To be a (Visa)-free People


By Scott Lasensky

Although the klieg lights of the U.S.-Israel alliance typically spotlight peacemaking, politics and defense cooperation, the most consequential issue on the agenda in terms of people-to-people ties is the decade-long Israeli effort to join America’s highly selective Visa Waiver Program. On Jan. 30, that effort received a huge boost when U.S. Ambassador Thomas Nides announced that Israel met one of the key criteria.

President Joe Biden has elevated this once-obscure issue to top-tier status. In August 2021, when welcoming then-Prime Minister Naftali Bennett to the White House, the president pledged publicly “to work toward Israel fulfilling the requirements” and promised to “get that done.”

Major challenges remain, including Israeli legislation that must be enacted to align Israel with the program’s information-sharing, security and privacy standards, plus measures by Israeli authorities to ensure equal treatment to all U.S. passport holders.

But make no mistake, the finish line is within reach and should Israel achieve this elite status, it will have major, positive implications for an array of Jewish community equities, from sports and youth exchanges to the broader range of educational and community twinning programs that are at the heart of how these two societies engage.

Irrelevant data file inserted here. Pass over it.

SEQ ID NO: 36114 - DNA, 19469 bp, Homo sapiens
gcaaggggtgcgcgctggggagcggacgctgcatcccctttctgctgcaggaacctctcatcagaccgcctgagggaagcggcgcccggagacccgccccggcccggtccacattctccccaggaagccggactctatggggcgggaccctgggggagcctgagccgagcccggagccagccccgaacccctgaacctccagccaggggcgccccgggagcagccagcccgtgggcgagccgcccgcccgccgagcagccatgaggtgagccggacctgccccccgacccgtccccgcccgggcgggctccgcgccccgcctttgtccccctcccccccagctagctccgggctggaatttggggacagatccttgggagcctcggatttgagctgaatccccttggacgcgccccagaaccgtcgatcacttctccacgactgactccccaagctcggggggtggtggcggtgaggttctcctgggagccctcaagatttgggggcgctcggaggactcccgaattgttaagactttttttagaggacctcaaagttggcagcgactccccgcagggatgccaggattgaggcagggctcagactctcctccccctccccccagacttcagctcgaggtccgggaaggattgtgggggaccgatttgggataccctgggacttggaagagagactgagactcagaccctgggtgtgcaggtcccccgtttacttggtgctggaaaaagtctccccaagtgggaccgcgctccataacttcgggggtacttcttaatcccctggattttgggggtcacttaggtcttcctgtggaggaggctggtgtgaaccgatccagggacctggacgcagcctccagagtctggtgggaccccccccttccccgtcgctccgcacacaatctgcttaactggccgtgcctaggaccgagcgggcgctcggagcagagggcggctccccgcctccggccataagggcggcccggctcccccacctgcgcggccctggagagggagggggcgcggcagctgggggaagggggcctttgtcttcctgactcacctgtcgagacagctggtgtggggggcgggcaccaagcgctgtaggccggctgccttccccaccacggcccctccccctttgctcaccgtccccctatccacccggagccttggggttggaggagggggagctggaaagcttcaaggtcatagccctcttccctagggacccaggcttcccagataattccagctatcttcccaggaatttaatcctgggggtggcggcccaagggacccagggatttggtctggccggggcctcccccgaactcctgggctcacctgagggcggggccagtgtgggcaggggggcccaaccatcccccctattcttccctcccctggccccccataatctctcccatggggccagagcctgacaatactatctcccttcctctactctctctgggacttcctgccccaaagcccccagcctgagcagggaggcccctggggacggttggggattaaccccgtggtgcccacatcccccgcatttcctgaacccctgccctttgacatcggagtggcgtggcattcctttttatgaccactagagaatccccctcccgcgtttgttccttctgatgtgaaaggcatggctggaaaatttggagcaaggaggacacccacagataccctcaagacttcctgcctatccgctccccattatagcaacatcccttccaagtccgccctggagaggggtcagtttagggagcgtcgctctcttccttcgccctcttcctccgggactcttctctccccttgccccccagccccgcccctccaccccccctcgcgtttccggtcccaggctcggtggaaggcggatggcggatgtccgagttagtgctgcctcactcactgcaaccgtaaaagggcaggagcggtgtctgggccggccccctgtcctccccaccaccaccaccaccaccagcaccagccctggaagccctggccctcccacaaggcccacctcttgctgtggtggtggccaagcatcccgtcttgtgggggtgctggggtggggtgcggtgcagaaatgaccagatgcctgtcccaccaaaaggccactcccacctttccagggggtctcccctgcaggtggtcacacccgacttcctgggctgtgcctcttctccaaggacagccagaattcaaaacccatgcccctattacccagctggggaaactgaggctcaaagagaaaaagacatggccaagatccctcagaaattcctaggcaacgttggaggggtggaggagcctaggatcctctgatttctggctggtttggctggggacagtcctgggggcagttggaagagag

Every American Jewish community, Greater Washington included, should pay careful attention and be prepared to lend its support and engage other stakeholder communities, including Arab-Americans, who also have important equities at play.

Just ask anyone involved in travel and exchange programs with Israelis, including through camps, Jewish community centers, schools and universities, and they will tell you how costly and occasionally disabling the visa process can be. Even still, it is not widely appreciated across the Jewish community how significant these hurdles are, particularly since Israel has long granted visa-free entry to Americans.

As a former American diplomat in Israel, and someone deeply engaged in bilateral exchange and educational cooperation, I hear from communities all the time, often receiving distress calls because an exchange or youth program is facing cancellation because Israeli participants are unable to obtain visas. Moreover, most Israeli-American families have a story about a visa challenge.

In a recently released study co-authored with Israeli writer Ruth Marks Eglash, and sponsored by the Atlantic Council, we lay out the history and current state-of-play, including the many ways in which Ambassador Nides and the Biden Administration have elevated the issue.

After laying moribund under the Trump Administration, prospects for Israel’s entry are gaining momentum. Days before Biden arrived in Israel this past July, the two countries signed a critical data-sharing agreement. The presidential trip itself, with Biden’s historic participation in the 21st Maccabiah, further spotlighted the critical role of people-to-people ties in the alliance. A week earlier, Nides appealed to Israeli leaders not to “lose momentum,” a bold public plea that was widely hailed.